“It is good to see that the old customs have not been entirely forgotten in the Solar System,” he said. “Perhaps my branch of the Association was… shall we say a trifle precipitate, when they decided emigration was the only way to preserve their, ah, purity.” He raised his glass slightly to the general. “When your young warriors passed through last month, I was surprised that so much effort had been required to insert so slender a needle. I see that we underestimated you.”
He picked up a folder of printout on the table before him. “It is correct that the… ah, assets you and your confederates represent would be a considerable addition to my forces,” he went on. “However, please remember that my Association is more in the nature of a family business than a political organization. We are involved in the underground struggle against the kzinti because we are human, little more.”
Early raised his cup of sake in turn; the big spatulate hands handled the porcelain with surprising delicacy. “You… and your, shall we say, black-clad predecessors have been involved in others’ quarrels before this. To be blunt, when it paid. The valuata we brought are significant, surely?”
Jonah blinked in astonishment. This is the cigar-chomping, kick-ass general I came to know and loathe? he thought. Live and learn. Learn so that you can go on living… Then again, before the kzinti attack Bu-ford Early had been a professor of military history at the ARM academy. You had to be out of the ordinary for that; it involved knowledge that would send an ordinary man to the psychists for memory-wipe.
Shigehero made a minimalist gesture. “Indeed. Yet this would also involve integrating your group in my command structure. An indigestible lump, a weakness in the chain of command, since you do not owe personal alliegence to me. And, to be frank, non-Nipponese generally do not rise to the decision-making levels in this organization. No offense.”
“None taken,” Early replied tightly. “If you would prefer a less formal link?”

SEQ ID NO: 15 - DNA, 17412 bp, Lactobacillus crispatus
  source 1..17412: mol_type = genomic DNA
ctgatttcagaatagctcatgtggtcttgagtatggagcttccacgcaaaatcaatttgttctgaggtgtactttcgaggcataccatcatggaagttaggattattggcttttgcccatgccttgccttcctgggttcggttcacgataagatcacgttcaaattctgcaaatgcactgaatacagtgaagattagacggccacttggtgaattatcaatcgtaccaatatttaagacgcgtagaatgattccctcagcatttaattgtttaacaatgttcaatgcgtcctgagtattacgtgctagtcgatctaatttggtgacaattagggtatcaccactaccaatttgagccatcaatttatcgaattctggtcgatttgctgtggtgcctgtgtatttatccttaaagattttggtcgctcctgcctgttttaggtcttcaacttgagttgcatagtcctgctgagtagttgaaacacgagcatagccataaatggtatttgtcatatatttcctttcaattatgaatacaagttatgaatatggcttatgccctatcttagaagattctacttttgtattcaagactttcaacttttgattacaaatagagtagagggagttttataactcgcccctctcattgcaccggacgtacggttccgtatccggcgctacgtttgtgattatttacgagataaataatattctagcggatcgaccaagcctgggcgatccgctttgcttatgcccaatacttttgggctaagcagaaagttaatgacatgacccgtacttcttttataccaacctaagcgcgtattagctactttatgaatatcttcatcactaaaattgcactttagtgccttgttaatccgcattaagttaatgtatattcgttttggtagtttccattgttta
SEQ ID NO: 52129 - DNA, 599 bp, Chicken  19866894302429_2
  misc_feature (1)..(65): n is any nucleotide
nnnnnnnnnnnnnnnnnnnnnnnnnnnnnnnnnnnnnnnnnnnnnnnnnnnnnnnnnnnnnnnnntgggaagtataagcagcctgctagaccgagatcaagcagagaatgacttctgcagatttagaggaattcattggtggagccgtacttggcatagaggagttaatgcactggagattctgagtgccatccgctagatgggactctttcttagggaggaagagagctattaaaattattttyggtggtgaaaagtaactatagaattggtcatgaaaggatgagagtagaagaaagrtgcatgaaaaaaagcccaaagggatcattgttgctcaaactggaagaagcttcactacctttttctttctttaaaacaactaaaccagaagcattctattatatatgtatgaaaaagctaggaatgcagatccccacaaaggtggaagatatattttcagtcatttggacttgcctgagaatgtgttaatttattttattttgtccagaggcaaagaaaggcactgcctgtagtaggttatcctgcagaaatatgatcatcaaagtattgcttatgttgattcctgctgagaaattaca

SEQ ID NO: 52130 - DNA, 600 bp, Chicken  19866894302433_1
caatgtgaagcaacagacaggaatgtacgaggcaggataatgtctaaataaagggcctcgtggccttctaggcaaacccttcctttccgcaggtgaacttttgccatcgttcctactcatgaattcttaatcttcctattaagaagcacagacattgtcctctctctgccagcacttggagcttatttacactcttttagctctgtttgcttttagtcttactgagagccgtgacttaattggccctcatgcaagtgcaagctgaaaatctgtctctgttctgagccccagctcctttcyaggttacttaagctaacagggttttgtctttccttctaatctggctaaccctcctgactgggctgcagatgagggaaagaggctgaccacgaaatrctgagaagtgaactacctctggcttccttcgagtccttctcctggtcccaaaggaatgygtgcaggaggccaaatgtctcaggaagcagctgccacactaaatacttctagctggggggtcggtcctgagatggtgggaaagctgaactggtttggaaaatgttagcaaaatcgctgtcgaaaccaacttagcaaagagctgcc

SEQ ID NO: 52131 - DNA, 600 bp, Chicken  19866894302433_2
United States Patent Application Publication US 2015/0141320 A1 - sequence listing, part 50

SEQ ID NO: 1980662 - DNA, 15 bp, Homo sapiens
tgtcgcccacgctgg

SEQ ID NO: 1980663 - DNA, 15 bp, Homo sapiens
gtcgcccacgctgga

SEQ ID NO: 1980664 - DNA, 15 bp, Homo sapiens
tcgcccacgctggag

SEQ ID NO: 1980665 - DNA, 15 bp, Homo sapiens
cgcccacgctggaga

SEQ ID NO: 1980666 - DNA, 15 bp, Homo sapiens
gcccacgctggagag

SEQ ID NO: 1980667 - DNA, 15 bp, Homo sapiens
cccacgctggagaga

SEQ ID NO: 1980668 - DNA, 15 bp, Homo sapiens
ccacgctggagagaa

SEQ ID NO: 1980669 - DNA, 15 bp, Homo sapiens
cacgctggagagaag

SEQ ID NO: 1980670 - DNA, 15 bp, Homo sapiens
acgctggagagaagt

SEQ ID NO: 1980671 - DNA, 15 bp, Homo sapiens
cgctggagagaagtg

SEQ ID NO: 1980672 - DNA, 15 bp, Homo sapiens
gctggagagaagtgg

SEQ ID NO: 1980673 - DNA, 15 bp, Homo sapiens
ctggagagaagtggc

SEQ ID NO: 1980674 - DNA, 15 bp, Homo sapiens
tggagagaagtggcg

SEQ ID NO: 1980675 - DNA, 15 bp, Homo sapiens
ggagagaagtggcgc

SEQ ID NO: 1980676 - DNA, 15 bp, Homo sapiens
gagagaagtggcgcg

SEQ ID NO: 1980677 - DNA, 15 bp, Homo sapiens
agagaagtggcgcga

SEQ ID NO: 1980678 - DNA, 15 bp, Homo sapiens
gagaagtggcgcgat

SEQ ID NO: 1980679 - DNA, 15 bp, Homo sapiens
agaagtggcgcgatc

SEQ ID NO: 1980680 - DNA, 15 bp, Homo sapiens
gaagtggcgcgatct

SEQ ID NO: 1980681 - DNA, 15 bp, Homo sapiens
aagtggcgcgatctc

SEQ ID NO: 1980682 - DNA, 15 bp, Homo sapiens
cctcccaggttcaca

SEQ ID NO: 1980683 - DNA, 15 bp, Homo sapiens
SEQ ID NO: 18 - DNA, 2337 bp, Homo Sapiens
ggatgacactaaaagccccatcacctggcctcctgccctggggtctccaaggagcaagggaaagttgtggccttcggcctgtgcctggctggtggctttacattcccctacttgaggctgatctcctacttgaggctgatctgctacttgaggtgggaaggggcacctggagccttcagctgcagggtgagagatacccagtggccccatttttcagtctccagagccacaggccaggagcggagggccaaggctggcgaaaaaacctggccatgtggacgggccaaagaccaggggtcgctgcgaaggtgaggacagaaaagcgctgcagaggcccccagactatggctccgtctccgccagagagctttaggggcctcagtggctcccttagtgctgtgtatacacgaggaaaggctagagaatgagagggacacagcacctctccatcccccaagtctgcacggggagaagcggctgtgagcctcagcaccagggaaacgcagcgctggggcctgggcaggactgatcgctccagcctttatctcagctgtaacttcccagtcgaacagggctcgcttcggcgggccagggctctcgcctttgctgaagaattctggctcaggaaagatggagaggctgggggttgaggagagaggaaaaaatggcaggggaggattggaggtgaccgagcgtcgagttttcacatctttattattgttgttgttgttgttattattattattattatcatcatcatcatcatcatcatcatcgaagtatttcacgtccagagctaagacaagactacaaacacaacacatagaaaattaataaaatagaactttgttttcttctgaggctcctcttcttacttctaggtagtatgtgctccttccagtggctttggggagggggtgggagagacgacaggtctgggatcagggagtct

Shigehero sighed, then brought up a remote “board from below the table, and signed to the guards. They quickly folded the priceless antique screens, to reveal a standard screen-wall.
“That might be my own inclination, esteemed General,” he said. “Except that certain information has come to my attention. Concerning Admiral Ulf Reichs-tein-Markham of the Free Wunderland Navy… I see your young subordinate has told you of this person? And the so-valuable ship he left in the Herrenmann’s care, and a… puzzling discovery they have made together.”
A scratching at the door interrupted him. He frowned, then nodded. It opened, revealing a guard and another figure who looked to Early for confirmation. The general accepted a datatab, slipped it into his belt unit and held the palm-sized computer to one ear.
Ah, thought Jonah. I’m not the only one to get a nasty shock today. The black man’s skin had turned greyish, and his hands shook for a second as he pushed the “wipe” control. Jonah chanced a glance at his eyes; it was difficult to be sure, they were dark and the lighting was low, but he could have sworn the pupils had expanded to swallow the iris.
“He ” Early cleared his throat. “This information… would it be about an, er, artifact found in an asteroid? Certain behavioral peculiarities?”
Shigehero nodded and touched the controls. A blurred holo sprang up on the wall; from a helmet-cam, Jonah decided. Asteroidal mining equipment on the surface of a medium-sized rock, one kilometer by two. A docked ship in the background, he recognized Markham’s Nietzsche, and others distant enough to be drifting lights, and suited figures putting up bubble-habitats. Then panic, and a hole appeared where the laser-driller had been a moment before. Milling confusion, and an… yes, it must be an alien, came floating up out of the hole.
The young Sol-Belter felt the pulse hammer in his ears. He was watching the first living non-Kzin alien discovered in all the centuries of human spaceflight. It couldn’t be a kzin, the proportions were all wrong. About 1.5 meters, judging by the background shots of humans. Difficult to say in vacuum armor, but it looked almost as thick as it was wide, with an enormous round head and stubby limbs, hands like three-fingered mechanical grabs. There was a weapon or tool gripped in one fist; as they watched the other hand came over to touch it and it changed shape, writhing. Jonah opened his mouth to question and